by Christopher Lehman (@iChrisLehman), The Educator Collaborative Founding Director
I loved workshopping Suzana and Leanne’s poems last week! The conversation was lively, thoughtful and full of great feedback. Thank to those of you on twitter joining along with us, your input was awesome! If you missed our second session you can view the archive here.
Our third and final session of the season is this Saturday (4/25) from 11:00-noon EST… during #TheEdCollabGathering (woo-hoo!). #TheEdCollabGathering is our free, virtual conference day. Tons of awesome sessions and you’re all invited. Visit Gathering.TheEducatorCollaborative.com for the agenda.
Tune in to any of #TheEdCollabGathering sessions, and you can join us live-streaming in the “Session 1” spot and tweet along with us using #TeacherPoets.
Assignment for Week 3: Tell Us to Turn
During our second live-streaming session we talked about searching for inventive and fresh metaphors and descriptions. Both trying to be clear and true, but then doing a writing exercise to move beyond the obvious comparisons.
Here are your writing assignments for this week!
A Writing Invitation: Tell It Like It Is Not
- Use the “Tell It Like It Is Not” strategy from last week to write a draft (or drafts) of an original poem. Then share your work on our TeacherPoets Google+ page.
Mentor poems to read:
All three take us on surprising turns:
- Space Heater by Sharon Olds
- Daddy Dozens by Jamila Woods
- Hurry by Marie Howe
- You’re invited to post on our TeacherPoets Google+ page links to other poems that come right out and tell you what they are about, but then play with language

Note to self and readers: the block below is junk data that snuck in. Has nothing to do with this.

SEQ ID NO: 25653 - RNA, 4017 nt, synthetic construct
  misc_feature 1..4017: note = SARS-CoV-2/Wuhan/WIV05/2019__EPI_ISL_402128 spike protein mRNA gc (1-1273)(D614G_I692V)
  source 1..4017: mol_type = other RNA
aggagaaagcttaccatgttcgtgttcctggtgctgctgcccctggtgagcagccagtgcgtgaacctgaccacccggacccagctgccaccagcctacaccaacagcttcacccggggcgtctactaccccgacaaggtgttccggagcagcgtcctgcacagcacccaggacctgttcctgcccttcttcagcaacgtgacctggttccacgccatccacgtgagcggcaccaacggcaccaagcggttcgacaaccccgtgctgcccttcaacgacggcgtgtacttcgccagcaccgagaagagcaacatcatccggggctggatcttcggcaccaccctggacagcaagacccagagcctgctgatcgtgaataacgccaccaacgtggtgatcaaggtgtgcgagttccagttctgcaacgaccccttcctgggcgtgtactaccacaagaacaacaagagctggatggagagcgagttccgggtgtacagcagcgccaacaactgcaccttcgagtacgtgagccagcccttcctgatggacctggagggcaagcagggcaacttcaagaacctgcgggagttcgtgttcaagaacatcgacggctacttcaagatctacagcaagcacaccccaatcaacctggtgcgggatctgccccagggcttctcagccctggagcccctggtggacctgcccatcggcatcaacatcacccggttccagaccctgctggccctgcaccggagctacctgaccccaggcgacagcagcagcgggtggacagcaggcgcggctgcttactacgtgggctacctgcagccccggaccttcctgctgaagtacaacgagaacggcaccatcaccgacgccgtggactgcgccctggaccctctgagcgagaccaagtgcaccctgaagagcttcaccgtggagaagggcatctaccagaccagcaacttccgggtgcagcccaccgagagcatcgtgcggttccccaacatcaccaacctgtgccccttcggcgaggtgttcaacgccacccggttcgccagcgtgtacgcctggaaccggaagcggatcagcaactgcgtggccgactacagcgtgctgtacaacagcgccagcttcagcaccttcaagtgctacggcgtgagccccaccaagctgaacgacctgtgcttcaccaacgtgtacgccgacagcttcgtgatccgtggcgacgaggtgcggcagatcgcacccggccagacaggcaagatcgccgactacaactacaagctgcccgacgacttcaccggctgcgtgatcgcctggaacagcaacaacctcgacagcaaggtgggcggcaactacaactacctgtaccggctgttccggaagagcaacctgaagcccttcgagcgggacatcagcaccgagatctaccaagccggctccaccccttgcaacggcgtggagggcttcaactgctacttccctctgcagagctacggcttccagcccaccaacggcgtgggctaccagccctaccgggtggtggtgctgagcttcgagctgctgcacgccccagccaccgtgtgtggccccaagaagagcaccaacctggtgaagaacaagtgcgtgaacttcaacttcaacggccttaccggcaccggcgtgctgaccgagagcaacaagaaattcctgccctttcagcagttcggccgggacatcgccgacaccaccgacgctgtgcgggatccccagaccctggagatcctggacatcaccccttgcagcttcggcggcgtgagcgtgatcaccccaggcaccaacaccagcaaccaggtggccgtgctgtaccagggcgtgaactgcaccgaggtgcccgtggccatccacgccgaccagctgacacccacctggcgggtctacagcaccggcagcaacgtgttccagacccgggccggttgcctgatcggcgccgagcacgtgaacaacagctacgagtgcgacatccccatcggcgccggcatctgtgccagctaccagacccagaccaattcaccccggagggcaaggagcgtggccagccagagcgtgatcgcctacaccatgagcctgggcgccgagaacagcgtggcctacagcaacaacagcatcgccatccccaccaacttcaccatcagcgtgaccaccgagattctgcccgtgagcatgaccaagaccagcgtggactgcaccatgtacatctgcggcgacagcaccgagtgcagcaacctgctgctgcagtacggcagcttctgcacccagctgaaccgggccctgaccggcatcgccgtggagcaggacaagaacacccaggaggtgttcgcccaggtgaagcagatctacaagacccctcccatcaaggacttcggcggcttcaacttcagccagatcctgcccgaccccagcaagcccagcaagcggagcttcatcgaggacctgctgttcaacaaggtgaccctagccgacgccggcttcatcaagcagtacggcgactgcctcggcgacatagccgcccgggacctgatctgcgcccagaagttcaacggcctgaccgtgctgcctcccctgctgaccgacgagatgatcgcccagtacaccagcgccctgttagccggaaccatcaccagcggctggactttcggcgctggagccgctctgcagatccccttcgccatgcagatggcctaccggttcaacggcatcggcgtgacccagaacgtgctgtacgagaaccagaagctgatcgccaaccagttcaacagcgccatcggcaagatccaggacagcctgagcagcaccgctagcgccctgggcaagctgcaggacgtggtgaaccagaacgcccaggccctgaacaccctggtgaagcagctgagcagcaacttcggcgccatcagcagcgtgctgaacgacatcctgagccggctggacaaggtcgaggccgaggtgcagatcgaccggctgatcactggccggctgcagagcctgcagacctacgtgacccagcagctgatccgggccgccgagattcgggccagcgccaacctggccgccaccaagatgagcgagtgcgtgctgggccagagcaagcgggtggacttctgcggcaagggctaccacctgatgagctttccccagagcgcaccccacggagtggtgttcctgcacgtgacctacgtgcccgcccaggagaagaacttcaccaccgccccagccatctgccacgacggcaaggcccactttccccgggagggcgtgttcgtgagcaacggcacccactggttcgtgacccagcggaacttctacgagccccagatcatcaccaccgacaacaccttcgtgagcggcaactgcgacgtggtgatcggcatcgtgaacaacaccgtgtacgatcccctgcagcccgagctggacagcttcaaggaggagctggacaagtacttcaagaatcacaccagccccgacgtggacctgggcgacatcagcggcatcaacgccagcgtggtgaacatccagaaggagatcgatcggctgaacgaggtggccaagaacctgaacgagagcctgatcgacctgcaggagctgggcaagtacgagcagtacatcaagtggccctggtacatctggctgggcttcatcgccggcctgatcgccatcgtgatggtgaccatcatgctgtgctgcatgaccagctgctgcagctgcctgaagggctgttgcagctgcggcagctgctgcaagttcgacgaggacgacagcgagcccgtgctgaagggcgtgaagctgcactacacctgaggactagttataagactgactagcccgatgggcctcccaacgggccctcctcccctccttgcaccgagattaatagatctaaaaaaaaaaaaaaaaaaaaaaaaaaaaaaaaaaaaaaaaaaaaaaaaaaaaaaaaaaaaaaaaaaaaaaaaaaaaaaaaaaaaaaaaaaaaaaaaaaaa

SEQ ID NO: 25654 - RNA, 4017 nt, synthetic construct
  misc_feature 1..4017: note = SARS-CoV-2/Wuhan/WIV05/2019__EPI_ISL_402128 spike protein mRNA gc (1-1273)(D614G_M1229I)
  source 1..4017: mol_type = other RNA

Workshopping This Week:
Yay! The best part! We will be workshopping drafts of two original poems by our TeacherPoets!
- Please follow the link and print out these two poems (or download a mark-up-able copy to your device):
- Deadline by Jancey Clark
- (currently untitled) by Jenn Wood
- Read and write all over them, prepare comments as if you were talking to this poet:
- Compliments: Which parts were particularly strong to you? Why? How did it effect you as a reader? Where were you delighted? Happily surprised? Moved? And so on.
- Questions: Where did you find yourself confused? Lost? Where did your reading become choppy or confused? Which points did you want a little bit more? A little less?
- Considerations: We can’t write the poem, that is the poet’s task, however we can raise considerations: I wonder if there are actually two poems here… I wonder if we could hear more from… I wonder if the second stanza could… I wonder…
- On Saturday we will then practice “workshopping” this poem, so bring your written-all-over copy. Use #TeacherPoets during our session to share your reflections!
If you would like to read an example of responding to a poem through “workshopping,” then read (or listen to) Workshop by Billy Collins (in which he workshops his own poem as he’s writing/reading it… it’s pretty funny stuff.).
Happy reading! Happy writing! See you Saturday!
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